Looks like the proximity of the implant to the adjacent molar will compromise the interproximal tissue health once a restoration is placed. A second implant could be placed mesial to this one, but the interproximal deficiency with the existing situation would remain. Also, the mesial of the molar appears to be pretty well deteriorated, necessitating a full crown, which would further deminish the already minimal interproximal space. It would be best to remove the implant, graft the site, and later place a single large diameter implant, or two smaller diameter implants situated to allow for a proper restorative outcome. The adjacent molar should be restored before re-implanting.
Dr. Gerald Rudick
1/25/2018
It appears that a portion of the crestal wall of the implant body is fractured off...and this implant cannot be successfully restored....the fracture probably occurred at the time of installing it under very high torque....I hope it is not already integrated...... when you go back in again, you can use a single wide body implant, or two narrow implants to restore with two narrow crowns to fill the space.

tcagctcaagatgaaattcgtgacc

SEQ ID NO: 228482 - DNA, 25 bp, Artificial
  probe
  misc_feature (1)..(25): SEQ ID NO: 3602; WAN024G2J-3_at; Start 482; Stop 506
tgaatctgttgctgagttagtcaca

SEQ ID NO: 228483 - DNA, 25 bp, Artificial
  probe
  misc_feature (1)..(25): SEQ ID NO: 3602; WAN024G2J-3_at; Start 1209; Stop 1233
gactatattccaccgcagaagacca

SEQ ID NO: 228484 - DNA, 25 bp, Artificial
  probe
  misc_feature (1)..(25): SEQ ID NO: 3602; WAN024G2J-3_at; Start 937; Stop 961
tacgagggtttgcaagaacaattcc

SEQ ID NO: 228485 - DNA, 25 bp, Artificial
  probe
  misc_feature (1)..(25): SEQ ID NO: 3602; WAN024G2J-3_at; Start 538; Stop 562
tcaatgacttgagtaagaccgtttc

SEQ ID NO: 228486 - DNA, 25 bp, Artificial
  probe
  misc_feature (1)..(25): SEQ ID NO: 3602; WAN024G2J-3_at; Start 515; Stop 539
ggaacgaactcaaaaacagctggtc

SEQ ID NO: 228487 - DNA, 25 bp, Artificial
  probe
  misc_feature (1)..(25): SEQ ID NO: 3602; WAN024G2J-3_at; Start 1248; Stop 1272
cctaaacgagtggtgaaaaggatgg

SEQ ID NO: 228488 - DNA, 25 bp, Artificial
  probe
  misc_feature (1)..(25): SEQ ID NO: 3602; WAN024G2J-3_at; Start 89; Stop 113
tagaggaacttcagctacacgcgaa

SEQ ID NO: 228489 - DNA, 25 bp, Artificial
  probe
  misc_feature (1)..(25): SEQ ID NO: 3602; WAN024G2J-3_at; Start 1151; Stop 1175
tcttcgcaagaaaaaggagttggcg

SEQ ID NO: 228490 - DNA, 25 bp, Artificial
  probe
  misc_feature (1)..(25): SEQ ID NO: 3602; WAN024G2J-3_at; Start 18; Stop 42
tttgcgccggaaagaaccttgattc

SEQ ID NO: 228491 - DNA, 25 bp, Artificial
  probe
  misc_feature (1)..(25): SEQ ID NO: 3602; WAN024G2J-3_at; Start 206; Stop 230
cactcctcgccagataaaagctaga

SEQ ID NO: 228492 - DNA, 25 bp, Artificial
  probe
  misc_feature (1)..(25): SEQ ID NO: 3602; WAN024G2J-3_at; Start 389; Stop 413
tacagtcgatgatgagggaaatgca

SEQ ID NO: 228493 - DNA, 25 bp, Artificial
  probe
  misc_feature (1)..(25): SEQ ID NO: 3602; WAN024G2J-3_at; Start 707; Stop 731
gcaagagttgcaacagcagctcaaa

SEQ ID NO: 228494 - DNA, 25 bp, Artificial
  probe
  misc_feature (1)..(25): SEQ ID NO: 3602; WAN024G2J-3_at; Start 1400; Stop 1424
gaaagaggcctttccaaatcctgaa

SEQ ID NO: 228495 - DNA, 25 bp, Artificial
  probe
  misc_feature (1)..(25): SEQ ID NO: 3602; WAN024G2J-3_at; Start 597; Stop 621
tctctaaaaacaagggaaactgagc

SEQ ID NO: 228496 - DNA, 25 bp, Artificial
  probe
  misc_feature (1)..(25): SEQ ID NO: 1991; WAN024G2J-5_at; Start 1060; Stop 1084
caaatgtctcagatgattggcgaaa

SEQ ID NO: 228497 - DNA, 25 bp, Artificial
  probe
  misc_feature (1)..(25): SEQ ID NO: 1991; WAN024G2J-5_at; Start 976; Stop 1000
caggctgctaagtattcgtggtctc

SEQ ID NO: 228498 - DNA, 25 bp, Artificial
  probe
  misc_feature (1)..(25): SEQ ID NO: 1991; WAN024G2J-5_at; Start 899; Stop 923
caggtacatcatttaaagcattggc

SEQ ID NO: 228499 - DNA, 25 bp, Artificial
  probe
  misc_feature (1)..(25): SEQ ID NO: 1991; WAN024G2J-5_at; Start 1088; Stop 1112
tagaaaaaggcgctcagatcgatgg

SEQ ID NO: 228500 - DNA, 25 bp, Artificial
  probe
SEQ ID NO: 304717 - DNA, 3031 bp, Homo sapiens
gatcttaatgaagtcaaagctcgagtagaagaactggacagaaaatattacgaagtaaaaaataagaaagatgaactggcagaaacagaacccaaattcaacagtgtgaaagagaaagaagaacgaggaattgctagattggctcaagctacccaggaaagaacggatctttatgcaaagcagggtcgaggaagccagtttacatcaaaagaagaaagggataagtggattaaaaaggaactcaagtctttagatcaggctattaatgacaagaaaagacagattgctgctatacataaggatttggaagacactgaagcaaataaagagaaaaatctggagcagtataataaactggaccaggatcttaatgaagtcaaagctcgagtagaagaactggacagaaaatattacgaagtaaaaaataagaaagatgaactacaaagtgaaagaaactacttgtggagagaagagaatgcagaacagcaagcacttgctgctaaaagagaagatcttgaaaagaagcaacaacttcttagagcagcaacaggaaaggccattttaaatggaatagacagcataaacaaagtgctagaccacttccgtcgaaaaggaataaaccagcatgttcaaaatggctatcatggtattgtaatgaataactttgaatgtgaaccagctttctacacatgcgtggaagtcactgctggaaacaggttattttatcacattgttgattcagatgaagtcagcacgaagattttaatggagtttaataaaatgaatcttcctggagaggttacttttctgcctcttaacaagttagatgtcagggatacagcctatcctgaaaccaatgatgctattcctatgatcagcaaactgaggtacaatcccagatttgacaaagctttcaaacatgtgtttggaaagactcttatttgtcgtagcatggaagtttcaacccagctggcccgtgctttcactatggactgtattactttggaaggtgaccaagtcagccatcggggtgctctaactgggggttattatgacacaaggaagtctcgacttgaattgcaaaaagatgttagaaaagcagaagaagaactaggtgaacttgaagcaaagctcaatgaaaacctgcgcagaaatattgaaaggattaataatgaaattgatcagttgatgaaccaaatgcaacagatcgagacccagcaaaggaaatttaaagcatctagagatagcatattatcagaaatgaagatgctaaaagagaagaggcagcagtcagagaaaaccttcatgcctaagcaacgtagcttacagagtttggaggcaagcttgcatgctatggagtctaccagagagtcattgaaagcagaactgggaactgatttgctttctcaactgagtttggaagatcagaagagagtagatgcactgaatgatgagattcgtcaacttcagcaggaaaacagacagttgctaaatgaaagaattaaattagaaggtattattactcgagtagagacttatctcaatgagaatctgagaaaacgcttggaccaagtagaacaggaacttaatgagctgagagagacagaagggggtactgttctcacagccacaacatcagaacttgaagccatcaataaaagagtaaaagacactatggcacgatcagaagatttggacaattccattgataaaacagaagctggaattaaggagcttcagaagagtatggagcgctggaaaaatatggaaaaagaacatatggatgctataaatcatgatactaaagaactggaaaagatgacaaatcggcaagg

Matthew Osepchook
1/25/2018
I agree with Montana and Perioperry. The radiograph may a bit burned out but I would plan to remove the implant due to position failure and plan to crown the 7 and bonegraft the 6 site. Place a new implant later. Something is strange about the fixture collar on the mesial.
Peter
1/25/2018
Return back to sender!
H. Ryan Kazemi
1/25/2018
Atraumatic reverse torque explantation followed by site graft if necessary; allow to heal, then 3-D computer assisted planning and placement of new implant with guide.
Craig Wright
1/25/2018